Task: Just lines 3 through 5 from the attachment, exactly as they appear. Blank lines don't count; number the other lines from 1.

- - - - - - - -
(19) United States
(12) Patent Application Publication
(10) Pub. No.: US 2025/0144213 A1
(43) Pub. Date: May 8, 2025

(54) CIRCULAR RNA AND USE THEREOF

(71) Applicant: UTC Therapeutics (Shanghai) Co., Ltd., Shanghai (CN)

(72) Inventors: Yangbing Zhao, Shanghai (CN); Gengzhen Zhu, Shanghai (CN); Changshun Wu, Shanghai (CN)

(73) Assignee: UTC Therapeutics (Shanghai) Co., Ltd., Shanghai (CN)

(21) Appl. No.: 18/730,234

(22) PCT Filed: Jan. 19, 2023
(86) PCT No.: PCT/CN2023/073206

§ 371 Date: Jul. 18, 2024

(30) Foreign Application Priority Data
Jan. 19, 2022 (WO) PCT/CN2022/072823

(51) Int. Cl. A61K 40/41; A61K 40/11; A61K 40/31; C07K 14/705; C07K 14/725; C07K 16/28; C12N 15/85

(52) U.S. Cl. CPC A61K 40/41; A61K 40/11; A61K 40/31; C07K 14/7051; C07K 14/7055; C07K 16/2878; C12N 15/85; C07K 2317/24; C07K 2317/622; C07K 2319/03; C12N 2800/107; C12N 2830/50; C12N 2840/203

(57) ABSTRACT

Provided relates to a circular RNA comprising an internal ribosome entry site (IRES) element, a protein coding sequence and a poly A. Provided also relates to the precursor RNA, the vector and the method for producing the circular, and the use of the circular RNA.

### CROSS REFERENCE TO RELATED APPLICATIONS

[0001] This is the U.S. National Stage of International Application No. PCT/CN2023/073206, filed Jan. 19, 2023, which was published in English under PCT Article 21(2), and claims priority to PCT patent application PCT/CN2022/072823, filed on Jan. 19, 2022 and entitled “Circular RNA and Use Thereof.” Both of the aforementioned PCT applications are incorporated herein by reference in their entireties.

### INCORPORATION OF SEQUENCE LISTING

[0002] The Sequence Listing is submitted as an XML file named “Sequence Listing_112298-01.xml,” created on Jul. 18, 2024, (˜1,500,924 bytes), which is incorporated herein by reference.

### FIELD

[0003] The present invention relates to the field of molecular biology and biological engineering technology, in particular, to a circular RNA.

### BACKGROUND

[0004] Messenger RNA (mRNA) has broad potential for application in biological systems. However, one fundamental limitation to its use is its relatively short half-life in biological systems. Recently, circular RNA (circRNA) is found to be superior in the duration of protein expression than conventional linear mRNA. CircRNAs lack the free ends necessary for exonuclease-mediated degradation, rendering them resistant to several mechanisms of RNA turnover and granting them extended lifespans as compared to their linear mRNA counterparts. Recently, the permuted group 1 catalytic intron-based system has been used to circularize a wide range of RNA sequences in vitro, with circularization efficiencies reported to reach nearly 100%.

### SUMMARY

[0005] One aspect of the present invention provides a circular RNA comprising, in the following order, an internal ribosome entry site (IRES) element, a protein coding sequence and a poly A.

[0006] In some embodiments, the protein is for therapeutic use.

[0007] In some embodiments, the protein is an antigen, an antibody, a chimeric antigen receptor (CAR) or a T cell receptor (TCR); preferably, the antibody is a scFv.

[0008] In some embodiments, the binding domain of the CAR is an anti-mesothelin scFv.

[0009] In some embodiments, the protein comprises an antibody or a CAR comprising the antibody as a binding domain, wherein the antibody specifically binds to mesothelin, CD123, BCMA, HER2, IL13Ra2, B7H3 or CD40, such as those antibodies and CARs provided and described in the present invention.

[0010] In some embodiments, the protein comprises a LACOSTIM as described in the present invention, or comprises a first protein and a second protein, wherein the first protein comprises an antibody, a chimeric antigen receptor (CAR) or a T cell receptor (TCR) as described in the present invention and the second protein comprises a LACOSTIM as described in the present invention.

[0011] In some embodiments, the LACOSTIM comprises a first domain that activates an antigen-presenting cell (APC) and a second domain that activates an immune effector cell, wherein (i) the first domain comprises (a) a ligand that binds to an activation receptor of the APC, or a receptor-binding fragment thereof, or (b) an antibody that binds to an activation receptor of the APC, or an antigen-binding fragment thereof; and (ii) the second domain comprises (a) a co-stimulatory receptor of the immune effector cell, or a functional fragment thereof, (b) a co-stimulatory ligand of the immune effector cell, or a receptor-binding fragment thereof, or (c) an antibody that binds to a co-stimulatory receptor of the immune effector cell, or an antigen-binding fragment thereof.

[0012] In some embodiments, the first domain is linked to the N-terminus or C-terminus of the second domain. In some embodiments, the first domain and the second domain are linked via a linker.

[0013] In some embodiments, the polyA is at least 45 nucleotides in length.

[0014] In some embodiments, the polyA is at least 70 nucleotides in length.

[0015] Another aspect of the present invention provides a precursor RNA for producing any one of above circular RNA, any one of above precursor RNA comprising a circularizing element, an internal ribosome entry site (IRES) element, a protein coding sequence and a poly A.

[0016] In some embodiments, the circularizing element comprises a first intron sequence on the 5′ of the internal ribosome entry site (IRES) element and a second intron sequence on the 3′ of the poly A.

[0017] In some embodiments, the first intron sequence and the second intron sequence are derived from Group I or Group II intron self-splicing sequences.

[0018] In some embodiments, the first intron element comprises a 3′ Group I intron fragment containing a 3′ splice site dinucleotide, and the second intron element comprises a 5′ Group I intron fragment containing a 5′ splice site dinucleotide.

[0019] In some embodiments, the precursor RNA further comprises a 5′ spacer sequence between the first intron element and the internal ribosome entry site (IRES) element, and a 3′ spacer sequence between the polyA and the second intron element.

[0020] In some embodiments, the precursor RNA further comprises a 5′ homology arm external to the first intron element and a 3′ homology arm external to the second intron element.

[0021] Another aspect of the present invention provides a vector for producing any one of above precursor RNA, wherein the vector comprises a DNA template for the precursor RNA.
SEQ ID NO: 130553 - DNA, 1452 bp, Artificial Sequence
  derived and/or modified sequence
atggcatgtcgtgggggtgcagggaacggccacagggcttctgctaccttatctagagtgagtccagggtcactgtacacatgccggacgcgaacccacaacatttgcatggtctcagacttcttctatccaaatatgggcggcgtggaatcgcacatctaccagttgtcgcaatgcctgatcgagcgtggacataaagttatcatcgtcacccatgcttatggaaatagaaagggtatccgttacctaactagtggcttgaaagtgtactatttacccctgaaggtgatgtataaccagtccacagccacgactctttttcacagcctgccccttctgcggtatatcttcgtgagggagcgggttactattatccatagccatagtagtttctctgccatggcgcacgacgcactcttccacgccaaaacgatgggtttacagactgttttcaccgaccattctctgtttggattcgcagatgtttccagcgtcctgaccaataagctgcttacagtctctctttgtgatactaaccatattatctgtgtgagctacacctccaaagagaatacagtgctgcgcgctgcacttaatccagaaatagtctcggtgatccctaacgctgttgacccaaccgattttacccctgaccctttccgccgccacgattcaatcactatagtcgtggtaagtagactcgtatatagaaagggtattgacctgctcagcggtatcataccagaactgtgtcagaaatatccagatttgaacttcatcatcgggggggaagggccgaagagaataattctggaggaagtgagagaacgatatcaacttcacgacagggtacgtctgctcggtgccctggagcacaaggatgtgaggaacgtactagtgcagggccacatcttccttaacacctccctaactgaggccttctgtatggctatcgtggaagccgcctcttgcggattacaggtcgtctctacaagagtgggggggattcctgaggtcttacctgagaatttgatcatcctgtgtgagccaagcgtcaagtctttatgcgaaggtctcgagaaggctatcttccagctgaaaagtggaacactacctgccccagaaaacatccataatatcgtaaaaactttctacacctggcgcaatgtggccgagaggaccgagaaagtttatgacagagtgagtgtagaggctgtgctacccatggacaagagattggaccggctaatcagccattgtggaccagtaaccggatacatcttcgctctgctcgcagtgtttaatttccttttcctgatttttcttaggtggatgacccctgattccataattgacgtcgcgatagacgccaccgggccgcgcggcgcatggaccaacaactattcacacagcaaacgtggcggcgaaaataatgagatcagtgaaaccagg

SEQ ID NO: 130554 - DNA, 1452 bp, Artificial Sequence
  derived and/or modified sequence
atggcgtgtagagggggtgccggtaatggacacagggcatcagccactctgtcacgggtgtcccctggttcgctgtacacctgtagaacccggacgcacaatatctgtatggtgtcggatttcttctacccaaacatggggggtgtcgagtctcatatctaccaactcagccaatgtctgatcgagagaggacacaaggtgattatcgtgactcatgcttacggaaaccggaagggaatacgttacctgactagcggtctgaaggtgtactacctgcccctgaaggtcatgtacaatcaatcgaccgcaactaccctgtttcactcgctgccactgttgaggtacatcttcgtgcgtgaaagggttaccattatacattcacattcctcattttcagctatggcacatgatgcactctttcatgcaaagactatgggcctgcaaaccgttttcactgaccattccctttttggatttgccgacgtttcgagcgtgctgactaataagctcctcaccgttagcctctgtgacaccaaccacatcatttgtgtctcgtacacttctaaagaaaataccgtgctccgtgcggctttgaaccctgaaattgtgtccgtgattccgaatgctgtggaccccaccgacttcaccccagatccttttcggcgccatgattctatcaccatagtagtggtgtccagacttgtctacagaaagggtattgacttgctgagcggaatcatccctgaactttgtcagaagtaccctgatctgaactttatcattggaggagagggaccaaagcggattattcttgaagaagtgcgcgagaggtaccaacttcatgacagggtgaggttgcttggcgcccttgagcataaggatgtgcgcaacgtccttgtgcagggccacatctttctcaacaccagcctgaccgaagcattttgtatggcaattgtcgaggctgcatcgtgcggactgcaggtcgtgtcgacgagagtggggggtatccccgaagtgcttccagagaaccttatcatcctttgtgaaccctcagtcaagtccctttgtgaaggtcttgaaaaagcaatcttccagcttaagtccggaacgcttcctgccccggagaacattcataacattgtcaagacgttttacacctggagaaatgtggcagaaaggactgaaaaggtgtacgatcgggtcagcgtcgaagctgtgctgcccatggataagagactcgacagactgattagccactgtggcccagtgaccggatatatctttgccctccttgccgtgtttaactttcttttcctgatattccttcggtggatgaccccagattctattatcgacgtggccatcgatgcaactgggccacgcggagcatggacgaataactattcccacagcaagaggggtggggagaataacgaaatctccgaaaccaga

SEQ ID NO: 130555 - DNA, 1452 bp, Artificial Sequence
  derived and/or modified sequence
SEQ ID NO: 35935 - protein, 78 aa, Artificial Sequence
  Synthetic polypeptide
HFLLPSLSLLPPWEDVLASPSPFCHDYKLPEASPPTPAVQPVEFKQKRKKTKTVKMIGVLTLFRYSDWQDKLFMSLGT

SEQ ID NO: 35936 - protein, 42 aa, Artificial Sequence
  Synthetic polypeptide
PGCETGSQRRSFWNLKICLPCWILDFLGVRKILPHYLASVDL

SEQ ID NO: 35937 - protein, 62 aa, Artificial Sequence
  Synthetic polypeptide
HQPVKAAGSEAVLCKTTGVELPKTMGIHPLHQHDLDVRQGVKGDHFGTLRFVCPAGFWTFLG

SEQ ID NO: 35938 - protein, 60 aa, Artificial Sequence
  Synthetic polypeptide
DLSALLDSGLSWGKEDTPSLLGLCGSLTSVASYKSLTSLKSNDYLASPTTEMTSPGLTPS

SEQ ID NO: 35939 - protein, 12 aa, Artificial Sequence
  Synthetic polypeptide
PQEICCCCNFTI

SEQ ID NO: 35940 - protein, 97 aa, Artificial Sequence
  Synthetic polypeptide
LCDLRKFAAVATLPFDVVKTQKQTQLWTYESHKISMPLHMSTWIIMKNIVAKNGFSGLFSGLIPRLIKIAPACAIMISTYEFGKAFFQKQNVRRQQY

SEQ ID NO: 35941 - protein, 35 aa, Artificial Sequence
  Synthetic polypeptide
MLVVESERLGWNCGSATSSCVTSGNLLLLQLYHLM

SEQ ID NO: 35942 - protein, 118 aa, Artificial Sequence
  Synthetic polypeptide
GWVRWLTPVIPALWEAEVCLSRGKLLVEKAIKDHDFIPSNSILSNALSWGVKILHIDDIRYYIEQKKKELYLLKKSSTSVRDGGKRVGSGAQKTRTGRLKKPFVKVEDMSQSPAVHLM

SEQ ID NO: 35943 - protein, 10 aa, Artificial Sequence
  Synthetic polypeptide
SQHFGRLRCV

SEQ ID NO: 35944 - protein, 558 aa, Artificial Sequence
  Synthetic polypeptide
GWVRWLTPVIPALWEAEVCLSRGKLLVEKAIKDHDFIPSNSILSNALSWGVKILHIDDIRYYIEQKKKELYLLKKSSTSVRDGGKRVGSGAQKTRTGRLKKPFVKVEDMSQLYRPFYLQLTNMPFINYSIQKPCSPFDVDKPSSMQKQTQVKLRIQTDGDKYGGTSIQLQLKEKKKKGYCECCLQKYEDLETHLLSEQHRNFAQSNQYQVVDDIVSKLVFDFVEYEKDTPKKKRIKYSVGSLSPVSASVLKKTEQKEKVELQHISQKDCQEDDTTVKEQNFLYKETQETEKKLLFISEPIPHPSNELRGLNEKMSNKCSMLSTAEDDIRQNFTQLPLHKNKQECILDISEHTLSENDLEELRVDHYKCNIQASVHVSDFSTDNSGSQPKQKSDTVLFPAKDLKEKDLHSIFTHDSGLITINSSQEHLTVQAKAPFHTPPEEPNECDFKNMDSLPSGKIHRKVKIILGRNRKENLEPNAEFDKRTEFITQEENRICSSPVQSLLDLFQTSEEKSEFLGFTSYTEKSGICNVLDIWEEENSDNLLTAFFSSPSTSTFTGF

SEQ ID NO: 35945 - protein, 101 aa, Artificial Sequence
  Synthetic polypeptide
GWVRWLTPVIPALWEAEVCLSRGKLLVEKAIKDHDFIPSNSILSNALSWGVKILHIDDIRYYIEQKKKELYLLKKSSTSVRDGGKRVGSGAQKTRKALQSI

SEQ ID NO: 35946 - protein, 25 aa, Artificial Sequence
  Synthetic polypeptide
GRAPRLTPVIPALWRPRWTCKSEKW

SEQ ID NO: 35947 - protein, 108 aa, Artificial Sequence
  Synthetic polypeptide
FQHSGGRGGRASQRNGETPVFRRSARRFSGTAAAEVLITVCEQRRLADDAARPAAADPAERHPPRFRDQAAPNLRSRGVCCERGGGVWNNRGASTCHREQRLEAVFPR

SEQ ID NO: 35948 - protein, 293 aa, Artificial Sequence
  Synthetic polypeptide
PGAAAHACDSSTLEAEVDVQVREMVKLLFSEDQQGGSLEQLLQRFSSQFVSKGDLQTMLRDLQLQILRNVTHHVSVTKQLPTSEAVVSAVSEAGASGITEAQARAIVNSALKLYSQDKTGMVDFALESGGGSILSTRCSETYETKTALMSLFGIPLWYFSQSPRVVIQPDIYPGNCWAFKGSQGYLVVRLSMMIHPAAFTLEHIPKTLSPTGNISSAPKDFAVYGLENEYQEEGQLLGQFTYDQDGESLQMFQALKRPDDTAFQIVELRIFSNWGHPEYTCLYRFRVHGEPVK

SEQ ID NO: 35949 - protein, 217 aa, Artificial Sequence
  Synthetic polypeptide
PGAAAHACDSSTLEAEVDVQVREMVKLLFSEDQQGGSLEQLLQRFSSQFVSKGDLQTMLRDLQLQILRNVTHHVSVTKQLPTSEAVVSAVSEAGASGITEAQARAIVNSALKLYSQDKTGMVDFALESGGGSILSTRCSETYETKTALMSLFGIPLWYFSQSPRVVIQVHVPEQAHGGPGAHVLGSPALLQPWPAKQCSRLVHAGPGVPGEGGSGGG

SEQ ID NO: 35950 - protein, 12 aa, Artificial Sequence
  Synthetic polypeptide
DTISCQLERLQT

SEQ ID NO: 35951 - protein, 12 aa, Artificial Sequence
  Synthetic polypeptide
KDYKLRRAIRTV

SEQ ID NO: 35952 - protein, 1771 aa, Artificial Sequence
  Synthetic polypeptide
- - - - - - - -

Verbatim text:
(10) Pub. No.: US 2025/0144213 A1
(43) Pub. Date: May 8, 2025

(54) CIRCULAR RNA AND USE THEREOF